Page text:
The walk to the livery was easy, just following her nose. Emma was glad she didn't need to think too hard about that. She was too on her guard after leaving the brothel. She'd been touched at the concern by the mad- Regina, telling her to be safe though she didn't need the reminder. Emma had been on the receiving end of face-saving revenge a time or two in the past.

Eyes looked at her from behind curtains in windows, some plain, some frilly. If everyone hadn't been at the brothel to see the confrontation, clearly they had all heard about it. Emma sometimes wished she'd had plainer looks, dark hair instead of blonde, and she could have used a wool dye to cover it up, or cut it shorter, but for her objective, looking exactly like herself was important. When she found them, she intended for them to know her at first sight.

Confidence slipped back into her stride as she rounded the corner of a silent blacksmith's shop and stood in front of the closed doors of the town livery. In reality a big barn, the livery was brightly painted in red, proudly announcing Book's Pass Livery on the sign overhead. So now she had a town name.

The structure was well-kept, a good sign pointing toward the animals being well-treated inside. To the left of the livery stood a small building about double the size of an outhouse but it looked cheerful, also painted red, sporting a tiny porch shading a door and single window. No light on in the window.

Emma walked around to the right side of the livery, headed toward the stalls that emptied out onto the fenced paddock. The quiet thumps of hoofbeats against dirt grew louder. Finally she could see moonlight illuminated her golden Bug, prancing in the paddock and circling a bay mare. Not disturbing the scene for a moment, Emma laid her head on her arms across the top of the paddock fence, watching her horse ply his wiles on the delicately boned bay which was, to all appearances, a truly fine piece of horseflesh.

Bug danced toward the bay, who lifted her slender head from cropping at the grass. When she saw him, he danced backward and to the side, tossing his head. Emma smiled. Playboy, she thought warmly.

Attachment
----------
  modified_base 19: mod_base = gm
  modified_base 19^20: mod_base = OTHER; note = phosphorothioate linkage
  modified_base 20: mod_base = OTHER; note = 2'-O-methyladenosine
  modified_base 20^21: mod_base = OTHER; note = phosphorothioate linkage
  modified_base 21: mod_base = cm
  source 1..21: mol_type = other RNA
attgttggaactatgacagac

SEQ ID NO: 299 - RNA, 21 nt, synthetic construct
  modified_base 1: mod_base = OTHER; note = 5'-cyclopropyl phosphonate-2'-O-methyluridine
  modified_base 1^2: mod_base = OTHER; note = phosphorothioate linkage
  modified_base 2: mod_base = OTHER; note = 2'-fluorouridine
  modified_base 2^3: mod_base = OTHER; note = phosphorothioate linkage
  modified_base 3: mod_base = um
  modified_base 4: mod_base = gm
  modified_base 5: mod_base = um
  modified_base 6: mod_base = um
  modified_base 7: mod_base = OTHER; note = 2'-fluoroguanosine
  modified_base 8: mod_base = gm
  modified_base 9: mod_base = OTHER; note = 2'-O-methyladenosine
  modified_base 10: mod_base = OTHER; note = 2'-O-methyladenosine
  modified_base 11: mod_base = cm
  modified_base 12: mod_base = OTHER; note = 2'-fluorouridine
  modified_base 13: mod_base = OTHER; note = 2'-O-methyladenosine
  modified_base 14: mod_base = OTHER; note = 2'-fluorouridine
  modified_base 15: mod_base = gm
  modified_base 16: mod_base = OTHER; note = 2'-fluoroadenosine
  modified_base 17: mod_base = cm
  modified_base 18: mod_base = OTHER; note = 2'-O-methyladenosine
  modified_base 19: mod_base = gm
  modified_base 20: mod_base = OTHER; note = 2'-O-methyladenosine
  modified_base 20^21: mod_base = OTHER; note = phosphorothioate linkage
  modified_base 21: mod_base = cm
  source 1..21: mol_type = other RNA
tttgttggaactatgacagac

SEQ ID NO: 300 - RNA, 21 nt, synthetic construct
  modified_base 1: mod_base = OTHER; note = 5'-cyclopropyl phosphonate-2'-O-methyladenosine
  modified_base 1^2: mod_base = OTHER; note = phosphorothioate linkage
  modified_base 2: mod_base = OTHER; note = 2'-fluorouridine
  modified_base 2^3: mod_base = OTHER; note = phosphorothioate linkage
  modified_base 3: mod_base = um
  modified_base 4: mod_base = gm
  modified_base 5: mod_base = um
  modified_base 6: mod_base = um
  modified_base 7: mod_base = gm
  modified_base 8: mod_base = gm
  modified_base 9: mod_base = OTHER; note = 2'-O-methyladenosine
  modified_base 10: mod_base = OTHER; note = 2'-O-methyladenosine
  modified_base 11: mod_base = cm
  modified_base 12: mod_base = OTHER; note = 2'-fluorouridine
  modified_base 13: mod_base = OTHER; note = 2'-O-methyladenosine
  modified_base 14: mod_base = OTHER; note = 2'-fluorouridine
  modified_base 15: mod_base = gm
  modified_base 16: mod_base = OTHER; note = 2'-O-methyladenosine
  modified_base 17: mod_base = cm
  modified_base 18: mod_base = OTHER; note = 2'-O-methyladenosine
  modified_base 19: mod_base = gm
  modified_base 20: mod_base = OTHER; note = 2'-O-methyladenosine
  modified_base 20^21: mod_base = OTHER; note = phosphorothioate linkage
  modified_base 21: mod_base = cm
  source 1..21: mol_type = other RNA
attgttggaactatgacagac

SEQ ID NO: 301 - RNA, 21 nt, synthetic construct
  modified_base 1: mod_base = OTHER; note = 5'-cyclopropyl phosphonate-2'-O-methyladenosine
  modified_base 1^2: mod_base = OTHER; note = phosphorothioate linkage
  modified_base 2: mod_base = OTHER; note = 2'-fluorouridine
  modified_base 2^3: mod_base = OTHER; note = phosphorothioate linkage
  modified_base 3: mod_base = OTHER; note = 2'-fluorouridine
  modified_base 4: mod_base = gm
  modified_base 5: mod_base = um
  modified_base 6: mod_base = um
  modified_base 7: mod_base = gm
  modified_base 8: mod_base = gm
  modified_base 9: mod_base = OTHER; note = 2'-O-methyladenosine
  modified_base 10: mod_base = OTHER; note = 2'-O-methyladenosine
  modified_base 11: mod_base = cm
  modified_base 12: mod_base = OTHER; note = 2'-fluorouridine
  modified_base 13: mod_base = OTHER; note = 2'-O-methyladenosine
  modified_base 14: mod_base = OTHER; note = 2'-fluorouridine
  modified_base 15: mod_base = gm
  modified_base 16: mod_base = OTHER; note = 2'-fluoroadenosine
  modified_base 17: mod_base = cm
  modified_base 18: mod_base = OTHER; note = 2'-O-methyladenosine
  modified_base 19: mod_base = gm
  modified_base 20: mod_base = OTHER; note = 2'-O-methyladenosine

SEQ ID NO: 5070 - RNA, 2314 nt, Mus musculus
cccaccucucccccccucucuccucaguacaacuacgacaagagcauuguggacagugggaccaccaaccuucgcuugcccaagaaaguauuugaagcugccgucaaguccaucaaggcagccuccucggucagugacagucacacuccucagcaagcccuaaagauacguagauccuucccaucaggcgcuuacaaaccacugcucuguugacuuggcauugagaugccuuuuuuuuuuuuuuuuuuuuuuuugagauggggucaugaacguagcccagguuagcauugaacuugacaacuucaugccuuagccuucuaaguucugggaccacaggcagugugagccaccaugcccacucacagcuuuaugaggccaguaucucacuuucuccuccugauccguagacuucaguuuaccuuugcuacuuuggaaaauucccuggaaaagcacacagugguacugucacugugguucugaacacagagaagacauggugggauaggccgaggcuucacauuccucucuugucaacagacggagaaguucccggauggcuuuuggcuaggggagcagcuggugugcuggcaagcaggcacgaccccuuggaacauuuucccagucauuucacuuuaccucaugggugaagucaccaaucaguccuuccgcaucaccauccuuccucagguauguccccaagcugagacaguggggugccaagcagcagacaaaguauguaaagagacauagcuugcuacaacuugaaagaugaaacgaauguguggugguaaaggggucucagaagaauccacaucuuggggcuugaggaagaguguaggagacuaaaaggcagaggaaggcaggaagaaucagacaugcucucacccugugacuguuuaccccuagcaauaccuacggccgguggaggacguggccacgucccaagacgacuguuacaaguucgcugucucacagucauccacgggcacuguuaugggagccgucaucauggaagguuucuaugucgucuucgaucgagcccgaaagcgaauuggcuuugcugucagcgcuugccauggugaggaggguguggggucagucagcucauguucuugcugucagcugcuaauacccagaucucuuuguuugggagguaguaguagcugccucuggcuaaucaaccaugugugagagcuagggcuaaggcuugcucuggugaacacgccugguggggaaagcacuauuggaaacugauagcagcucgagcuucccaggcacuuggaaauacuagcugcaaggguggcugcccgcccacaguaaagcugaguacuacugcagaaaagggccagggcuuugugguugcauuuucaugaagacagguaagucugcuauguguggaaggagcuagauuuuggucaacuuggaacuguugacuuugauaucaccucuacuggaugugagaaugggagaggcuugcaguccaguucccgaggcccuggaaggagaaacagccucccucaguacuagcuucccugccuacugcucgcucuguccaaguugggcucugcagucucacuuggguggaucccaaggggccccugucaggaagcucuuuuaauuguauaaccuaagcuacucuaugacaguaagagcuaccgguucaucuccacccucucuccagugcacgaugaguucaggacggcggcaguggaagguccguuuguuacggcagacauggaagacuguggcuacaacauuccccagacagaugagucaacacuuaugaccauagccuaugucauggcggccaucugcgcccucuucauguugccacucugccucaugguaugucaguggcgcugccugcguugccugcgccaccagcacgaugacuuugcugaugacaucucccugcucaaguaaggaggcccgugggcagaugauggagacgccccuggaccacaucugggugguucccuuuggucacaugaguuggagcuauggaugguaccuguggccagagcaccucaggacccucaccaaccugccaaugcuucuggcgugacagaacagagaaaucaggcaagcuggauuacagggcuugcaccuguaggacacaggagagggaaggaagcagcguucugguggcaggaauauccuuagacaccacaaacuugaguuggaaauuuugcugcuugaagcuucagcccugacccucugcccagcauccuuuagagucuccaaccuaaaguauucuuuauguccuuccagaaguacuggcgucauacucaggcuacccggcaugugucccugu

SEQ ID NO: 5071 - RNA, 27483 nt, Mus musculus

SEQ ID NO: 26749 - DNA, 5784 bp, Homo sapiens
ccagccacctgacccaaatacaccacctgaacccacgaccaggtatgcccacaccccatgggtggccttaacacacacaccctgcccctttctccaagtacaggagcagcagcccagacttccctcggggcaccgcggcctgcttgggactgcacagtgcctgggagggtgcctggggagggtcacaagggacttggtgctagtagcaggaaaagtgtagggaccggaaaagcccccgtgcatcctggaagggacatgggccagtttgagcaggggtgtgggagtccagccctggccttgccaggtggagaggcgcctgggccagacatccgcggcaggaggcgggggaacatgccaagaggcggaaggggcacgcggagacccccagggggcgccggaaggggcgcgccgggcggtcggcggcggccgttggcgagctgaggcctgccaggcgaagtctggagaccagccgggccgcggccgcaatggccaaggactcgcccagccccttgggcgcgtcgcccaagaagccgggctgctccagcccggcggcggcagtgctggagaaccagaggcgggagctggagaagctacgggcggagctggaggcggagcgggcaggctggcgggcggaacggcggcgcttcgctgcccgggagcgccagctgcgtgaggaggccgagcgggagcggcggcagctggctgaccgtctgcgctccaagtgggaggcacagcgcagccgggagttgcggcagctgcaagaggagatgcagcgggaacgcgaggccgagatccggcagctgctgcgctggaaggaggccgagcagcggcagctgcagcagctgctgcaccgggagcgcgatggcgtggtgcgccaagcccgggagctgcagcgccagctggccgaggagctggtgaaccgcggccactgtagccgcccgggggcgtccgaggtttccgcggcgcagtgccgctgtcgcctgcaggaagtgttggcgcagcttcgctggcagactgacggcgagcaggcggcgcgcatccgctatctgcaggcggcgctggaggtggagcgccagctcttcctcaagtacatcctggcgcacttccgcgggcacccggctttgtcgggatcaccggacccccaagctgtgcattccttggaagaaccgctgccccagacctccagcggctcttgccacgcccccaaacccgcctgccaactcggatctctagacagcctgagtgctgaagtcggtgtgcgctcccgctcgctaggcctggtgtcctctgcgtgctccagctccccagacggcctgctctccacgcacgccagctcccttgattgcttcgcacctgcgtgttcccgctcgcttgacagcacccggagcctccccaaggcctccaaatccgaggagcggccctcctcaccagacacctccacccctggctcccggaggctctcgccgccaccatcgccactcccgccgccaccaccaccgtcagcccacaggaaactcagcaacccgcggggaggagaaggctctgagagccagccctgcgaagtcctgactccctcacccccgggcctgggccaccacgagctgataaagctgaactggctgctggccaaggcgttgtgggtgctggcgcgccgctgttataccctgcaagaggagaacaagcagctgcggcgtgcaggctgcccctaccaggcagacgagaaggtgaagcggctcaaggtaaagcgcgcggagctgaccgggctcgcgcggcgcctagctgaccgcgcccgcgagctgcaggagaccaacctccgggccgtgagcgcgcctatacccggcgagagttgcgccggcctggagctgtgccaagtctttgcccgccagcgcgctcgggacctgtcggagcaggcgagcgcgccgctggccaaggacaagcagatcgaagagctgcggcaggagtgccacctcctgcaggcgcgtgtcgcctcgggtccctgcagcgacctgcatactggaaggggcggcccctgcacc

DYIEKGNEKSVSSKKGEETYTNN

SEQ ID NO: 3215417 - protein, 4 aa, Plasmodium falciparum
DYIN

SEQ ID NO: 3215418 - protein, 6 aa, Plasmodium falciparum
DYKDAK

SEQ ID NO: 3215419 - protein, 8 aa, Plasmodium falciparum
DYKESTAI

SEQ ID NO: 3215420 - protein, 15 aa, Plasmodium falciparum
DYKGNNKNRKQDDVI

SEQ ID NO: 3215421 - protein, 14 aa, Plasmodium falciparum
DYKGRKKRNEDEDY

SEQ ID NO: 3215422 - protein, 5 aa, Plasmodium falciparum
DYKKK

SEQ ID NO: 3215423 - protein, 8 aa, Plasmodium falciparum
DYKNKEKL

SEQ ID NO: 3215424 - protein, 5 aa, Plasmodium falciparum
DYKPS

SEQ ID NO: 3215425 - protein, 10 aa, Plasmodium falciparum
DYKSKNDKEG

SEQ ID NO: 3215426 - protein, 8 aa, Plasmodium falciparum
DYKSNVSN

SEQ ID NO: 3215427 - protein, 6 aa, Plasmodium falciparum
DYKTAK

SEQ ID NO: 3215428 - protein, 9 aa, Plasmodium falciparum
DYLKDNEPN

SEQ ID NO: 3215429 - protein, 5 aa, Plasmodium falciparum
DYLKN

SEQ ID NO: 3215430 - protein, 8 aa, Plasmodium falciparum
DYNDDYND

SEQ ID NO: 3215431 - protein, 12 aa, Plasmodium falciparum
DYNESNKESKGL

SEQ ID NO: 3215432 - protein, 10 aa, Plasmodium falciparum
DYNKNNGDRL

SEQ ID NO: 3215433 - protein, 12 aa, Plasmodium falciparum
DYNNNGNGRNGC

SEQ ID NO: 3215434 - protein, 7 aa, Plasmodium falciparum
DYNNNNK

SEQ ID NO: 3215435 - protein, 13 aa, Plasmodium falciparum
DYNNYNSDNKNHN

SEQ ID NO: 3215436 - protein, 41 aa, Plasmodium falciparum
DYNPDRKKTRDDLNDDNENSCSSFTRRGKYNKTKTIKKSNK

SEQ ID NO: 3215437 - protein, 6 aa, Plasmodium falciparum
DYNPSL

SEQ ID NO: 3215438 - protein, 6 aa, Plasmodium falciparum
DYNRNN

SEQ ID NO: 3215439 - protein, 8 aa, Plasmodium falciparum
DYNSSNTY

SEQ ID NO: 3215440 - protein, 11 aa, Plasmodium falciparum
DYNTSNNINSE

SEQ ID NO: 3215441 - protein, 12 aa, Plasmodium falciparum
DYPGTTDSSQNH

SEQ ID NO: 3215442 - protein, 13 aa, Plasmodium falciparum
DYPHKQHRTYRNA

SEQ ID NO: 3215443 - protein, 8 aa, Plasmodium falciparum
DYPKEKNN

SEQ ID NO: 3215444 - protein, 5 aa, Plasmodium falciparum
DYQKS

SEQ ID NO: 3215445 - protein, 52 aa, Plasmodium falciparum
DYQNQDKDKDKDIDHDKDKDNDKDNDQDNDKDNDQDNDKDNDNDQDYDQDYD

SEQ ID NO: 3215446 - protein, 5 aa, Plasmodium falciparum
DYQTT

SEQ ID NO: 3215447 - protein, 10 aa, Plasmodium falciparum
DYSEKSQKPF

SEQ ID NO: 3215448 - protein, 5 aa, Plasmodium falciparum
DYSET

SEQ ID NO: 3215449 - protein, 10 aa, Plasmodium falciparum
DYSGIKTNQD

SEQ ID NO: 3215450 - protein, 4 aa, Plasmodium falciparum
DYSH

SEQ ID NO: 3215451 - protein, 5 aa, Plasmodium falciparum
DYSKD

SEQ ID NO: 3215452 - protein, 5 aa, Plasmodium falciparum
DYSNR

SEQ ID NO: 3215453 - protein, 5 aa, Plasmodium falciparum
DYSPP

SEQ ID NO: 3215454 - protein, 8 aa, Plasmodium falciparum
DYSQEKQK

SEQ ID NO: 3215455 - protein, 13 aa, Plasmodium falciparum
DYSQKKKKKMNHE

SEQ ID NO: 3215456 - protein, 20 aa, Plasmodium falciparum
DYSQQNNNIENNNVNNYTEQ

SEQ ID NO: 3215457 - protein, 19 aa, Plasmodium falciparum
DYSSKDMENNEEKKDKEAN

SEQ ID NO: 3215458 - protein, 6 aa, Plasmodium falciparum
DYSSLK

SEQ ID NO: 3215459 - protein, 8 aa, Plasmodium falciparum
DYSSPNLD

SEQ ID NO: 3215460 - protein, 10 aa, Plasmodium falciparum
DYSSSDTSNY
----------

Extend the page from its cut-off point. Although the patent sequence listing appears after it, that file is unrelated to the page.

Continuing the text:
The bay stretched a foreleg forward toward Bug, shifting her weight, but then dropped her nose back into the grass. Emma watched Bug stop dancing and his head lifted, as though he was surprised. Emma laughed.

The sound brought both horses' heads swiveling around to find her. "Ah, Bug," she said, finishing with another chuckle as she climbed to the top of the paddock fence and threw a leg over. "C'mere." She patted the thick denim covering her thigh.

The golden horse trotted to her. She patted his withers and wondered aloud, "Who took off your saddle and my bags, eh, boy?"

"I did."

Emma turned as the bay nosed in front of Bug to scent her. The move would have knocked Emma from the fence if not for her quick reflexes in grabbing the wood slat between her thighs.

Emerging from the shadows was a slender woman, dark brunette, younger than Emma, brown eyes. She wore a bright red bandanna around her neck and dark blue denim coveralls cut off above the knees.

Emma swung down into the paddock, straightening to meet the woman striding toward her. Emma held out her hand. "My thanks, then. What do I owe you for the tendin'?"

"You're that woman the town's talkin' 'bout from Miss Regina's place."

Emma nodded. "I s'pose."

"What's your name?"

"Swan. And you? You own this place?"

"Name's Ruby. My grandmother owns the livery."

"So, Ruby," Emma stepped closer, enjoying the way the younger woman smiled while absently petting the bay who'd come up to them both. Bug nosed into Emma's other side and she held his nose, keeping it from exploring inside her shirt. "What do you I owe you for taking care of Bug here for me?"


"Depends?" Emma's smile broadened. "On what?"

"On whether you're staying or just passing through."

"Why's that matter?"

"Passing through pays. Staying," she gestured at a big two-story house on the far side of the paddock, "at the boarding house gets free livery."

"You get many takers on that offer?" Emma asked, bemused.

"Don't get many visitors."

"Show me where you stowed my saddlebags and I'll pay for a week upfront. How's that sound?"

"Right this way." Ruby turned around and walked into the open stall from where she'd come. The bay followed her, and Bug followed the bay. Emma shook her head and followed the trio, a smile playing on her lips.